Most of this coverage, if analysed, will fall in the orbit of Superficial Narratives, stressing a debate on the surficial layer lying atop the issue, but will lack in-depth insight of terror. Most of the news coverage of the private TV channels has failed to address some important factors: rise in suicide attacks, motives of the Taliban in carrying out different attacks in different places, repercussions of terror on the people at large, inability of the security and intelligence officials of Pakistan in policing terror, and growth of the power of the Taliban up to the extent to challenge the government’s writ in a country with a very powerful army.

Such ‘bullet to bullet’ reporting is not the solution to an issue, but indeed it is part of the issue itself, and one that needs to be properly addressed. It might be true that giving round the clock coverage to issues in such a volatile way will never result in a healthy public opinion, but it will always yield only one-sided, shallow and fragile public opinion, which can be easily broken and mended as needed. To have a healthier informative society, we need to have a healthier public opinion as well. This needs to be based on the full range of narratives, from multiple sides, coupled with diversity of sources and information.

Beyond superficiality, other criticism that needs to be addressed in the private TV channels’ coverage of terror is the similarity of themes repeated in their broadcasts over time. Such a homogeneous way of looking into the issues prevent the diversity of viewpoints being provided to the viewers, and curtails the creativity of the journalists who might be eager to look differently at an issue. Such media coverage also creates doubts about the open plagiarism practised within the media by one another. It compels us to think that they must come up with their own agenda; otherwise many scholars may feel to keep majority of their coverage in the folder labeled ‘filler’. Such coverage may provide oxygen to these media outlets for a while, but in the long run, it could create more problems, and can even endanger their own survival.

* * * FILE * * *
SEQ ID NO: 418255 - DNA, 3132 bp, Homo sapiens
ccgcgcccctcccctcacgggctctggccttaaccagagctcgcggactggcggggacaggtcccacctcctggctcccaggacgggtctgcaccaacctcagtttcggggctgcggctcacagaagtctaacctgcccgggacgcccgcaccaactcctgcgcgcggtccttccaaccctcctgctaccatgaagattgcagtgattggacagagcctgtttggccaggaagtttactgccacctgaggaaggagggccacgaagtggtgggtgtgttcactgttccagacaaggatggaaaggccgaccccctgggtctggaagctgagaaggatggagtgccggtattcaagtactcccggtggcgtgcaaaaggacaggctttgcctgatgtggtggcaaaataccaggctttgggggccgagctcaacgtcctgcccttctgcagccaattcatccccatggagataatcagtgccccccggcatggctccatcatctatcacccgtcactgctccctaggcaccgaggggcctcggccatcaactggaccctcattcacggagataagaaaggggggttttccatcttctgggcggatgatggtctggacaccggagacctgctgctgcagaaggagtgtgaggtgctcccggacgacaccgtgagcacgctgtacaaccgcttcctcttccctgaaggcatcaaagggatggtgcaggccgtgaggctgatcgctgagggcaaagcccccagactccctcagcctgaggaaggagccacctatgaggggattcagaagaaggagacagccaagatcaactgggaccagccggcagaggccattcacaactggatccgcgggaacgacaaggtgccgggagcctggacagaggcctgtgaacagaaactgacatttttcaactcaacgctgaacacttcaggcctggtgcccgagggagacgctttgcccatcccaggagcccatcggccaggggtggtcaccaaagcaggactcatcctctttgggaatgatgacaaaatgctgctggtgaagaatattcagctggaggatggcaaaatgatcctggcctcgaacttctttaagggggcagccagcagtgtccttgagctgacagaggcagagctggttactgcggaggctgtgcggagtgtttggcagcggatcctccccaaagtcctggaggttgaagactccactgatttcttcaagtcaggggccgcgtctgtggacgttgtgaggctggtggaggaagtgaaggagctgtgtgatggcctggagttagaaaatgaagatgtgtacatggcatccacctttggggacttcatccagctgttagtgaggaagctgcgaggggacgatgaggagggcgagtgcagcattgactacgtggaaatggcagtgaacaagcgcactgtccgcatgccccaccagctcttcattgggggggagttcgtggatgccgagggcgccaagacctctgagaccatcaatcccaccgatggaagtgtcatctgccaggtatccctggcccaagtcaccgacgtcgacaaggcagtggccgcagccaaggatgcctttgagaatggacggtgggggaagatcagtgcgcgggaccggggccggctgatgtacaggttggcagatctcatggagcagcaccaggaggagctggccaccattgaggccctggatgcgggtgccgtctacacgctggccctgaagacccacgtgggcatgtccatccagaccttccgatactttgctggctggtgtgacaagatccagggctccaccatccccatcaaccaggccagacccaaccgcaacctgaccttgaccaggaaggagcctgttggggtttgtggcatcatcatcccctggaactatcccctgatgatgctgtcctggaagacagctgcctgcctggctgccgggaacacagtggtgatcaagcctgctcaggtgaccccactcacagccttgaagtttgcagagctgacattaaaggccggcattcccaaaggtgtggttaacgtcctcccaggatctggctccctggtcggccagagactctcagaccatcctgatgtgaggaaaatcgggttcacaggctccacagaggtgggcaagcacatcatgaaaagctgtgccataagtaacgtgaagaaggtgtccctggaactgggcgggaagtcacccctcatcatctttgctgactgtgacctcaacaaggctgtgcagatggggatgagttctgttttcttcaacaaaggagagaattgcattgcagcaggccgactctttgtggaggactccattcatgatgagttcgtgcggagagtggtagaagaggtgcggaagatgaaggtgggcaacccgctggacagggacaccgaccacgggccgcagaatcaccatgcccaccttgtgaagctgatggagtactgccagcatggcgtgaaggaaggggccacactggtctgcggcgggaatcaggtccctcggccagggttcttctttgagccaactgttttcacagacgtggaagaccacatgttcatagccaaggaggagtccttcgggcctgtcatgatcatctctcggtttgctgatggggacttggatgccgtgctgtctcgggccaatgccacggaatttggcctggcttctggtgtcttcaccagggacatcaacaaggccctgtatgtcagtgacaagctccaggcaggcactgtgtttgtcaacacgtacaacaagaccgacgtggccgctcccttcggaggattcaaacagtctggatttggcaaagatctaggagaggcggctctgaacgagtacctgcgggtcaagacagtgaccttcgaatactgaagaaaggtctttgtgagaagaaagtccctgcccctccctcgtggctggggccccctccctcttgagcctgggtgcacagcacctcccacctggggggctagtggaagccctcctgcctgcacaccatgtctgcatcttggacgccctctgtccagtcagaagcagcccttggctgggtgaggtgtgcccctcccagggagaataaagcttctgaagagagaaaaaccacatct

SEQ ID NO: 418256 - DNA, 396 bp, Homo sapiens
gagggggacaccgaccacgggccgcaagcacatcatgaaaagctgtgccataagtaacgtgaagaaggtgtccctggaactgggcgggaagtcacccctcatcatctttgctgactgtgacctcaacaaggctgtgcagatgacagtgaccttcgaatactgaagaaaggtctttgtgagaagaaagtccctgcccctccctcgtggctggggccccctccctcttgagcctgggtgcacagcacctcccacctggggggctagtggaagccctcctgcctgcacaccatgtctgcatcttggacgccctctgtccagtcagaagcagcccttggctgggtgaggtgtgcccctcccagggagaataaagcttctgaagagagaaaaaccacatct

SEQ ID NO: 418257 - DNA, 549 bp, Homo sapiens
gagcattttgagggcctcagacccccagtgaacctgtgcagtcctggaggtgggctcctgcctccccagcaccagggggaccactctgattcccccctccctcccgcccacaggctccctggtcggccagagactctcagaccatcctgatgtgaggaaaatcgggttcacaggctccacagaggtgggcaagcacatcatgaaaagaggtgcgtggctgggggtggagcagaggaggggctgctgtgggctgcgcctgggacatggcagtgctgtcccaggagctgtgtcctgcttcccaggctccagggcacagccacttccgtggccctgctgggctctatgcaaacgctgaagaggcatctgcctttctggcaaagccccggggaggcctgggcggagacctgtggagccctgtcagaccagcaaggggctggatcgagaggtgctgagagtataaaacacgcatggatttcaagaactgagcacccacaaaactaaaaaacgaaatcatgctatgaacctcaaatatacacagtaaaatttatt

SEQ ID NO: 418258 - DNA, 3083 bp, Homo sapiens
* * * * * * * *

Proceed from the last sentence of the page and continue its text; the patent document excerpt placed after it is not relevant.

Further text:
Of the reasons responsible for the poor show of TV channels, it could be the untrained journalists working in conflict-hit areas, and in the respective media sections. War on terror can be metaphorically best matched with a big finale, hosted in our country, but unfortunately, we are not equipped with enough good players, pitches, wickets and all other necessary equipment to respond accordingly. Such issues need to be addressed more by the media researchers, practitioners and media owners; otherwise scattered views of the issue will result in a vague picture, further depriving the already deprived nation.

The launching rack for the private TV channels might have been provided by the military warrior, but now the real credit will go to the one who puts these electronic media outlets on the right track, having the torch of investigative reporting in hand, the burden of true ethical and objective journalism on its shoulder, and the vision of making the healthiest public opinion in mind.

Source: Daily Times

Post Tagged with ,

Comments are closed.